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Revocable Trusts Avoid Probate & Provide For Long Term Care Print E-mail

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revocable trust is a trust created during the life of the grantor and may be amended or revoked by the grantor during his lifetime as situations or desires change.  The person creating a revocable trust is referred to as the “grantor.”   Married couples may form joint trusts in which each is a grantor.  The initial trustee of a revocable trust often is the grantor.  The trust instrument provides for successor trustees when the initial trustee(s) are unable to continue in that role or die. 

The trust estate of a revocable trust is the property transferred to the trust by the grantor.  The trust estate normally includes bank accounts and securities.  Often real property, residential or investment, is placed in a trust.

During the grantor’s lifetime and so long as he continues to serve as trustee the operation of the trust is virtually identical to how the grantor’s financial affairs were conducted prior to creation of the trust.  When the grantor ceases to serve as trustee, the successor trustee then conducts the business of the trust, which is to care for the grantor during remainder of his life and to manage and distribute the trust estate as directed by the trust upon the death of the grantor.  Therefore, a trust has a living function and a testamentary function.

Fortunately, in most jurisdictions, there is little cost to transferring real estate to a trust that is created by, and benefits the persons owning the real property.


The downside of creating a revocable trust is the initial expense.  A trust typically is more complicated than a Will and is more expensive to create.  Also, in order to make the trust work properly, it is necessary to transfer title of property into the trust.  Bank accounts will have to be changed, title to securities accounts will have to be changed, and title to real property may have to be transferred as well.  All these matters require time and effort.  Fortunately, in most jurisdictions, there is little cost to transferring real estate to a trust that is created by, and benefits the persons owning the real property.  However, the cost of transferring title in each applicable jurisdiction needs to be checked prior to creation of a trust.  In most circumstances the cost is nominal and limited to the fee for filing papers in the land records.

There are several upsides to having a revocable trust. 

First, it avoids probate time and expense.  However, a revocable trust does not save estate taxes.  As the property titles are transferred during the grantor’s lifetime and the trust continues after the death of the grantor, there is no transfer upon the death of the grantor.  Accordingly, the trust estate is not subject to probate proceedings. 

Second, a revocable trust provides continuity when the grantor becomes incapable of caring for himself and needs a mechanism to manage his property and to provide for his long term care.  A revocable trust avoids the necessity to appoint a guardian of the estate of the grantor through a court proceeding which is a complex and expensive process.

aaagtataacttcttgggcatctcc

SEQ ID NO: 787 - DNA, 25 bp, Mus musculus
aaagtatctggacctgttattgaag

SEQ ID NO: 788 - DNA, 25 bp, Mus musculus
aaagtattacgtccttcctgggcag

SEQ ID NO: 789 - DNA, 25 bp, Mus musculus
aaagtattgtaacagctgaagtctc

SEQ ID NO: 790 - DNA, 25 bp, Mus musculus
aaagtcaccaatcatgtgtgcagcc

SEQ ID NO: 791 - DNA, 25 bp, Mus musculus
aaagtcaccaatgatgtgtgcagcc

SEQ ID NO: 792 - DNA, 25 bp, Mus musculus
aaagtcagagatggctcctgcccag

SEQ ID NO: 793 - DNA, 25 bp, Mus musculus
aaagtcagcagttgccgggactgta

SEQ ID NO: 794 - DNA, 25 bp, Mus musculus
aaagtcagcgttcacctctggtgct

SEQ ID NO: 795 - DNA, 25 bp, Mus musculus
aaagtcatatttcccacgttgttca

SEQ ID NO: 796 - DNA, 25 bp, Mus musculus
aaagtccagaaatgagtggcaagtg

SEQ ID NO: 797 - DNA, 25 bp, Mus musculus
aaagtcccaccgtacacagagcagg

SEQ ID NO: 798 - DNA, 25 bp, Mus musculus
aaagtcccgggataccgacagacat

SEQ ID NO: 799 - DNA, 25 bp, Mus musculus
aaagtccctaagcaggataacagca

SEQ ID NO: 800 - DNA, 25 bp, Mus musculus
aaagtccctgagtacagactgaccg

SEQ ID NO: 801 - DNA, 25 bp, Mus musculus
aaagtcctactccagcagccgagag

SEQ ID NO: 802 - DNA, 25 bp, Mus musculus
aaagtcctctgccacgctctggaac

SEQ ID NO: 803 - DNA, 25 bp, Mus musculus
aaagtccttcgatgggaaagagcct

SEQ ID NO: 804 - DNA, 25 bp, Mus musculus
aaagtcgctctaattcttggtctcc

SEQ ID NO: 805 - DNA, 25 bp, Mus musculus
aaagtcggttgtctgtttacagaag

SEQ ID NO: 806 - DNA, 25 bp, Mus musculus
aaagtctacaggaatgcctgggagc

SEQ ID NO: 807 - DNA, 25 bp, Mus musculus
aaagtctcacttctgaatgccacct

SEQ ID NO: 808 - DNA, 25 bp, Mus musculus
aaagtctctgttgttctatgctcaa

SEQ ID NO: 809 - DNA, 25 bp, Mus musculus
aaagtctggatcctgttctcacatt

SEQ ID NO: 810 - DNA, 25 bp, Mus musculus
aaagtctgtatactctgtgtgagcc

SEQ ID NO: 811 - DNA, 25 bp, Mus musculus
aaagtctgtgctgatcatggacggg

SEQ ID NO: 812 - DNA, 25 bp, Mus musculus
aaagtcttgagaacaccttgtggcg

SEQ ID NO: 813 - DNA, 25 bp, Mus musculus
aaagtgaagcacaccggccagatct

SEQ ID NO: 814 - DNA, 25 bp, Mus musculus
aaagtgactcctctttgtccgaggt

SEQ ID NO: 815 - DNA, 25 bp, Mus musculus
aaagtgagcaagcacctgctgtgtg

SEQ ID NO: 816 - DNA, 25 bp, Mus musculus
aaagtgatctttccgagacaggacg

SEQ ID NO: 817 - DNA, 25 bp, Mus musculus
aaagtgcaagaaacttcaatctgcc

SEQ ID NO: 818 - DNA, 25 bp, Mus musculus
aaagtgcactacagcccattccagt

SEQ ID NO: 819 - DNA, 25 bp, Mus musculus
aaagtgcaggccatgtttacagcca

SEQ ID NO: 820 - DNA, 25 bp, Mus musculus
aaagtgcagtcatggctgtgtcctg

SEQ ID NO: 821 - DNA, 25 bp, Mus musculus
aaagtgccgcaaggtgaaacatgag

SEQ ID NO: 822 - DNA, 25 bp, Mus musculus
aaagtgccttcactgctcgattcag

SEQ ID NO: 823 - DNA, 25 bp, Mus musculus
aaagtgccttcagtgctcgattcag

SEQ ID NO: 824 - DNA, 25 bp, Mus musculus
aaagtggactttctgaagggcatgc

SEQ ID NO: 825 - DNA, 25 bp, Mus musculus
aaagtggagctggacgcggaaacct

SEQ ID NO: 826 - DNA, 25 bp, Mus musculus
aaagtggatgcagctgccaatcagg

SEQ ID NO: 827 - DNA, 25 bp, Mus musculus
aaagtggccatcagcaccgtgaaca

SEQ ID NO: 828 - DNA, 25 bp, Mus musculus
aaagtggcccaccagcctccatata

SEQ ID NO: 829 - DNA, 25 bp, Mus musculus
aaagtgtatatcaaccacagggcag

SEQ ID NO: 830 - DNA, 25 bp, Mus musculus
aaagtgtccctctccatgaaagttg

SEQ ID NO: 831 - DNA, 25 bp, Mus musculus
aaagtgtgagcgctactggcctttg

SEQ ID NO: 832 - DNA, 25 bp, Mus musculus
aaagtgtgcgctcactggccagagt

Third, the revocable trust usually will contain the desired estate plan for distribution of the trust estate following the death of the grantor.  The grantor’s estate plan could include sub-trusts for various classes of beneficiaries.  The revocable trust can provide for charitable contributions or other distributions as desired by the grantor.  The trust could be named the beneficiary of life insurance policies and of retirement plans, which then would be managed and distributed as set forth in the trust.  Typically, the grantor creates a “pour over Will” to transfer property not previously placed in the revocable trust into the trust upon the grantor’s death. 

Third, the revocable trust usually will contain the desired estate plan for distribution of the trust estate following the death of the grantor.  The grantor’s estate plan could include sub-trusts for various classes of beneficiaries.  The revocable trust can provide for charitable contributions or other distributions as desired by the grantor.  The trust could be named the beneficiary of life insurance policies and of retirement plans, which then would be managed and distributed as set forth in the trust.  Typically, the grantor creates a “pour over Will” to transfer property not previously placed in the revocable trust into the trust upon the grantor’s death.
 
Fourth, so long as the grantor is competent to manage his affairs, the revocable trust may be amended to adapt to changed circumstances, much as a Will can be amended or rewritten.  Indeed, if the grantor so chooses, the trust can be revoked and all the property can be conveyed back into the name of the grantor.

A revocable trust does not provide estate tax savings as the property in the trust is considered a part of the taxable estate of the grantor.   Usually, the trust’s income is included with the income of the grantor on his income tax returns.

In most cases, persons creating a revocable trust would also create a pour over will, a durable power of attorney authorizing a trusted individual to act on his/her behalf (“durable” means it survives mental disability) and a health care declaration, living will or power attorney  as authorized in the grantor’s jurisdiction of domicile.  Each of these instruments, including the trust, can be changed as circumstances dictate.  Therefore, Hughes & Bentzen recommends that there be a regular, periodic review to keep the estate plan current with developments during the life of the grantor.



 
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